"I did not realise I was experiencing financial abuse. When I was in my relationship for 7 years, we had a joint bank account. I was in charge of all the finances, and he would just take money out as and when he pleased, this sometimes [coming out of] my wage.

When I left him, he refused to sell, pay or leave our joint mortgage property. Due to this, I had no choice but to let it go into repossession. This took years to do, with a lack of support from the bank. Finally, it’s completed but my credit scoring is so low, I cannot even get a phone contract in my own name. I know many survivors that are struggling with financial abuse and the impacts they have. However, it is not spoken about as largely as other forms of abuse."

The truth is, financial and economic abuse are real. If you relate to any element of the above, then you must speak out. Speak to a friend, a colleague at work, a family member or even one of the amazing groups and associations who are supporting victims/survivors every day. Helpful guidance can be found here.

With each year, we are seeing small changes to help victims/survivors move on with their lives after financial abuse. These include financial institutions writing-off debt, educating victims/survivors about finances, helping victims/survivors back into employment, and getting them the support they need. Banks have started to show big improvements in the UK: information can be found on your bank’s website as to what they can do to support you. However, there is still a lot that needs to be done, so that people like Samantha can rebuild their lives.

These forms of abuse can happen to anyone – any gender, any social class, any religion … anyone!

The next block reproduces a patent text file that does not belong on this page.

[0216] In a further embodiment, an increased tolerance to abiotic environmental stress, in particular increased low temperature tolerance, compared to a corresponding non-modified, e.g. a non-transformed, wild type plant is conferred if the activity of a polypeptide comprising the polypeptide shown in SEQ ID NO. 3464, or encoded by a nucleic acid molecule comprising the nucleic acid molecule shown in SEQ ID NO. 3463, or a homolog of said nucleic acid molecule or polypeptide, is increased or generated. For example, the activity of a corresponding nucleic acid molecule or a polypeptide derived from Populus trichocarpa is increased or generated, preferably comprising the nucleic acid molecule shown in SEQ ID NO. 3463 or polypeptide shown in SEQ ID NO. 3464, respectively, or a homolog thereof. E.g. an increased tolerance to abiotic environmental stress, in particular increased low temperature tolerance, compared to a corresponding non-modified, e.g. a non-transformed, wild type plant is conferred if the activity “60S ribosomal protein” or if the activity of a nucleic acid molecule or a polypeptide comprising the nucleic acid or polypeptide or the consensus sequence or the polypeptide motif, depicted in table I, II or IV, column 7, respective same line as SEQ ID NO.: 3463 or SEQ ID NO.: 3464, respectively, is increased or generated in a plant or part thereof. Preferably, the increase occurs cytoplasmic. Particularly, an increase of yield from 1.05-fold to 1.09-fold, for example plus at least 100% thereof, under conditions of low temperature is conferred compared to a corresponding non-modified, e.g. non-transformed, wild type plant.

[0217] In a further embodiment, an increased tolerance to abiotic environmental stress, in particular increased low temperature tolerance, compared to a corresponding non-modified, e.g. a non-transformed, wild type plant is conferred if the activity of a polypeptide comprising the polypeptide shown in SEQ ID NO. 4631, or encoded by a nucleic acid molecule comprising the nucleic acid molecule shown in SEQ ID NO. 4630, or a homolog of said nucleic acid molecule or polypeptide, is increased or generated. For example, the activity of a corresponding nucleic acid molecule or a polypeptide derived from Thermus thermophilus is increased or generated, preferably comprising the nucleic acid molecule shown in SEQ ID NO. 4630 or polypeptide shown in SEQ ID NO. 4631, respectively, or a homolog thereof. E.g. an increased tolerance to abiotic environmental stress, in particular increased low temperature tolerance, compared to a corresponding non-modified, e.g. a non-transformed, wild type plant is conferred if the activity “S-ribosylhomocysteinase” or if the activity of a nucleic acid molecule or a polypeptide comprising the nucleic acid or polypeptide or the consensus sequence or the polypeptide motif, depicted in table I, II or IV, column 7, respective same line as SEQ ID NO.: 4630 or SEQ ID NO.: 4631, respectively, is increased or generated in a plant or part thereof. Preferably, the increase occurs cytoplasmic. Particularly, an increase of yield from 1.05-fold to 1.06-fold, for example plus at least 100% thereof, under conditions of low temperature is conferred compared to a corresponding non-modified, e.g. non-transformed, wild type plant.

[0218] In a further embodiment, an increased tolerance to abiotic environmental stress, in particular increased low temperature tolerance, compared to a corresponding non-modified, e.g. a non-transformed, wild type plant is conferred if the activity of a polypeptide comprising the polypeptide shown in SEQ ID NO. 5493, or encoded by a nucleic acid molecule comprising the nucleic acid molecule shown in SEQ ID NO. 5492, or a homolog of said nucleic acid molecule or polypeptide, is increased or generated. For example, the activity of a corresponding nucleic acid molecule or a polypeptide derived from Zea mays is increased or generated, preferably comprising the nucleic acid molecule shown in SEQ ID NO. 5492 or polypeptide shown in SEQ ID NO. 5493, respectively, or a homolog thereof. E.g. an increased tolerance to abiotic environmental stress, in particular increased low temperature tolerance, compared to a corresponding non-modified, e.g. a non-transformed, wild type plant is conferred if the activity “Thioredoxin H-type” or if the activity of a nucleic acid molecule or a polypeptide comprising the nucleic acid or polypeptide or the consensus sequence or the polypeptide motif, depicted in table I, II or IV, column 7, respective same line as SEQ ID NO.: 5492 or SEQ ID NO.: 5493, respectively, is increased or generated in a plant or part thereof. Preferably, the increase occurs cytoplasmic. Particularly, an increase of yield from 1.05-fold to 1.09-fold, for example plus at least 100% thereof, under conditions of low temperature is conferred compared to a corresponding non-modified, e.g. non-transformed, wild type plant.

The more we talk about it, the more we will be doing to stop it. It is not okay. Nobody has the right to restrict, exploit or sabotage your access to whatever you need to thrive in your life.

The Standards International policy and resources on financial abuse spells out our commitment to tackling this issue. Our policy contains valuable resource links, information, support, and assistance for victims of financial abuse.

The Financial Abuse Specialist Certification™ is a course of online learning and a final assessment designed to demonstrate your knowledge. Certified status is a unique global mark of best-practice excellence and a beacon of hope for victims/survivors who need it most.

Help and resources to report financial abuse




Is it worth reporting financial abuse to the police?

Yes, financial abuse is a crime, and you should report it to the police. Not only will they be able to take action, but they can also provide you with next steps and advice, and if necessary, refer you to local and national helplines and resources that can offer support during this difficult time.

How to prove financial abuse? (UK)

There are some telltale signs that financial abuse is occurring, and you must seek help. Some examples of financial abuse include: Partner A controlling what Partner B spends, asking for receipts; Partner A insists on money going into a joint bank account, or other account that Partner B doesn’t have access to; Partner A takes Partner B’s salary so they have no money for themselves; Partner A makes Partner B ask for money and use it as a bargaining tool. These are just a few examples, but financial abuse can be abstract.

Is financial abuse grounds for divorce?

Since April 2022, in England and Wales, marital or civil partners are no longer required to provide ‘grounds for divorce’, and this extends to financial abuse. Essentially, you can apply for a divorce without needing to give a reason for the breakdown of the marriage. The only requirements are that you have been married a year and that your marriage is legally recognised in the UK.